Creating Safety Culture in ‘National Safe Work Month’

We are almost half way through the National Safe Work Month, a national initiative to highlight the importance of work health & safety and workers compensation. I am confident that most interactive businesses have already taken advantage of this opportunity to demonstrate their commitment to creating a safe and positive work environment. If you haven’t already done something within your business, it might now be an appropriate time to host a workplace health and safety event, providing an opportunity for all your workers to reflect on health, safety and wellbeing matters in the workplace.    

According to SafeWork Australia, work-related injury and disease is costing our community $61.8 billion a year. As a result, every business in Australia should do their part and create a safety culture within their workplaces. However, instead of directing the workforce and enforcing rules and regulations, employers should engage its workers. We all know that involving workers is the first step and most crucial step of engagement. If workers feel that they are genuinely being involved in workplace matters (including WH&S), respect and trust will be generated. Therefore, it is important to engage workers in decision-making, asking them for their input and listening to what they have to say. Let’s face it, workers are the ones that carry the daily tasks, day in and day out, so they are the ones whom will know what works best and what doesn’t. When asking for their input, employers will be surprised with the amount of insight workers are able share. By being listened to, workers will also feel valued and about their contribution which in return creates an engaged and inclusive workplace.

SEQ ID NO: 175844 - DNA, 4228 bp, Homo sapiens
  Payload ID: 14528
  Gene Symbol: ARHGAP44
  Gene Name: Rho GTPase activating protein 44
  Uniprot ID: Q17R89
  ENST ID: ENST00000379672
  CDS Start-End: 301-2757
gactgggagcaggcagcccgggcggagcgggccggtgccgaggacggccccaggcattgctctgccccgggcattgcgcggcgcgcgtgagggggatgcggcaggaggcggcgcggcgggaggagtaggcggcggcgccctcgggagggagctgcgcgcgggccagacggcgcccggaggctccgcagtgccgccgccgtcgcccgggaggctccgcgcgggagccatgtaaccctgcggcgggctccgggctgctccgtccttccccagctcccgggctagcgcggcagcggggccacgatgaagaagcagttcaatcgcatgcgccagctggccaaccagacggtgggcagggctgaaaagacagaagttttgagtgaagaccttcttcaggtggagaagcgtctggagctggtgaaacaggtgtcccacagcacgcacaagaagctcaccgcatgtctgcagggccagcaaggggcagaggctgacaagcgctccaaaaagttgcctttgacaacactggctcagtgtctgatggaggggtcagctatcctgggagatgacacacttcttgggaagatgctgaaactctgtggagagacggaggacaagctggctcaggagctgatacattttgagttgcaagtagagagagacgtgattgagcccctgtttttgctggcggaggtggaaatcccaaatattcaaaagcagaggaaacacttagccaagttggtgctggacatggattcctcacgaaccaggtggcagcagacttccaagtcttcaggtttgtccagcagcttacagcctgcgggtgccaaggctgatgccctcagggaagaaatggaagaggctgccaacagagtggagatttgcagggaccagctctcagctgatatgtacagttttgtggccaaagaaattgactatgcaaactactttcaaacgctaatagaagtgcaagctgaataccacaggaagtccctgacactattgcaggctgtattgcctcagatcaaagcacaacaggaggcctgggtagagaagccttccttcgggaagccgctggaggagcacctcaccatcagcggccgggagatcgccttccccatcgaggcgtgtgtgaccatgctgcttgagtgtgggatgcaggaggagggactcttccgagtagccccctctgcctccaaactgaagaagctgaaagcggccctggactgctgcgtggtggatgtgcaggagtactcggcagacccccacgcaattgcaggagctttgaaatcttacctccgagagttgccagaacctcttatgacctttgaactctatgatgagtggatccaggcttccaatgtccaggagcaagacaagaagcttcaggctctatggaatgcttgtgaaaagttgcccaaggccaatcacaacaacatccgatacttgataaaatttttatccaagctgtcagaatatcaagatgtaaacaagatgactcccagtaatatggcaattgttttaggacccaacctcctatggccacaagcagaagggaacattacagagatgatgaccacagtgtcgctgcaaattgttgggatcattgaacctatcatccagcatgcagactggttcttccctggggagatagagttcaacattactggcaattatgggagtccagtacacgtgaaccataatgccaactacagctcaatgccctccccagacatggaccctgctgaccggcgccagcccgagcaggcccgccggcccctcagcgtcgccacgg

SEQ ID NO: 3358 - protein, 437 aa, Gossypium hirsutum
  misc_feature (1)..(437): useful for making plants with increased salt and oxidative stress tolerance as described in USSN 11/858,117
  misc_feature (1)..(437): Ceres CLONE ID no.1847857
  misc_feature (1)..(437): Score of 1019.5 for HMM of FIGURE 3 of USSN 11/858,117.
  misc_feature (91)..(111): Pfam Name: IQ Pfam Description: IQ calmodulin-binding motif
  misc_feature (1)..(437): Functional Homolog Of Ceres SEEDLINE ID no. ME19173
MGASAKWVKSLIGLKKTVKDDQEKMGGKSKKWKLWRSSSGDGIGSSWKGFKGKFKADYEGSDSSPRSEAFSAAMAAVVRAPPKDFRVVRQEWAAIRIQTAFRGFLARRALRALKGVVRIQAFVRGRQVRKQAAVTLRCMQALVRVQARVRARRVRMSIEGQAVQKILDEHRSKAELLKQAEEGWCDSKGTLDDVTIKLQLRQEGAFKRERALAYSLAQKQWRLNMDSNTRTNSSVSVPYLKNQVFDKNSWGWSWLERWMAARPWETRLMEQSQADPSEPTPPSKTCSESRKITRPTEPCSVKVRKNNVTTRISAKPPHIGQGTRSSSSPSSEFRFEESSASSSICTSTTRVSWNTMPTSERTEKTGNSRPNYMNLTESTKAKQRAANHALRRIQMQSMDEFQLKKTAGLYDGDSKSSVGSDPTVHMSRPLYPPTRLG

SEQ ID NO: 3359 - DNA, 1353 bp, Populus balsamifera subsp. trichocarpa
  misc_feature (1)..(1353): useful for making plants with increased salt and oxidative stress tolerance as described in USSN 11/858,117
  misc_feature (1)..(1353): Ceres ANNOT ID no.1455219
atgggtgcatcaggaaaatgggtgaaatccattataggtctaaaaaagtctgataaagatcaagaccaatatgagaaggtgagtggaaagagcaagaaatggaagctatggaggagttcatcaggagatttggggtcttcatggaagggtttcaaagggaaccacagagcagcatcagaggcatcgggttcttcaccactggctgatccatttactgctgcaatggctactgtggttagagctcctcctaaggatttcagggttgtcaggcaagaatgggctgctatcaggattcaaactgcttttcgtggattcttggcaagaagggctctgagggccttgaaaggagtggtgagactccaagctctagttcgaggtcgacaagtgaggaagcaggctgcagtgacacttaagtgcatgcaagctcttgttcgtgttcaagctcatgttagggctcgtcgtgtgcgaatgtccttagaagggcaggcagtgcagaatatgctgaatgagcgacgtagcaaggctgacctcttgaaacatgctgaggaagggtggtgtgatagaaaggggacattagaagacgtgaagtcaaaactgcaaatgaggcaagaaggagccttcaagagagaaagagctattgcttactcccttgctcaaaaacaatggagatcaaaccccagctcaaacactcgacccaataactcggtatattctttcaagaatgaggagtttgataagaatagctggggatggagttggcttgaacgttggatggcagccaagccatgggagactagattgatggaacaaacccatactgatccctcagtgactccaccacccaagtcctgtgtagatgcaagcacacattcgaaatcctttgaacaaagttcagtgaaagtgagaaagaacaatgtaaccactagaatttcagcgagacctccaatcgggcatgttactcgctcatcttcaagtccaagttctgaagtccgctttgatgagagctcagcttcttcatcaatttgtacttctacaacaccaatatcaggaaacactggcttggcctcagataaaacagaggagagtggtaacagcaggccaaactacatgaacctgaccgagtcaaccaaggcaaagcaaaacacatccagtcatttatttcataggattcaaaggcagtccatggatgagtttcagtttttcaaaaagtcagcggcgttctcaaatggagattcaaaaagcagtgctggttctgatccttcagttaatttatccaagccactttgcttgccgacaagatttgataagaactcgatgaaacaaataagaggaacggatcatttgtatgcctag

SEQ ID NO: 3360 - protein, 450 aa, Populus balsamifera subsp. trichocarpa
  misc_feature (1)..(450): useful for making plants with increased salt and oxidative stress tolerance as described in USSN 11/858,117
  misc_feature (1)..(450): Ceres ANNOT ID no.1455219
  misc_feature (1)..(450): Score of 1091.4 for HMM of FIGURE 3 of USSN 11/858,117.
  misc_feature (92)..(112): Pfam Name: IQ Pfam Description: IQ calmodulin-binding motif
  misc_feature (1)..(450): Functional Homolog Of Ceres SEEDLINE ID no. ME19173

Taking advantage of this month, it is advisable for employers to;

  • Hold health & safety awareness programs to consult workers and discuss safety in the workplace (involving them in decision-making, asking for their input and listening to them)
  • Consult with WH&S committee regarding insight shared by workers
  • Review all tasks in the workplace and taking notes of potential hazards
  • Review each hazard and ranking in priority order from highest to lowest urgency (with any urgent hazards removing risks immediately)
  • Review ‘injury records’ to distinguish if there are any patterns emerging
  • Brainstorm and launch a new health and wellbeing initiative
  • Implement strategies on making workplaces safer (involving all workers)
  • Provide additional and/or refresher health and safety training to all workers
  • Implement health & safety tools and techniques

Although this month is a valuable time to reflect on how we can make our workplaces safe, it is also important to note that the overall health & safety of our workplaces is something that employers should be thinking about all year round. No workplace should be unsafe to work in, and injuries or fatalities not be tolerated. We all know that these things can place a business under significant economic stress and reduce morale in the workplace.

This article is prepared to only provide general information about the topic. It is not intended to be used as advice in any way.

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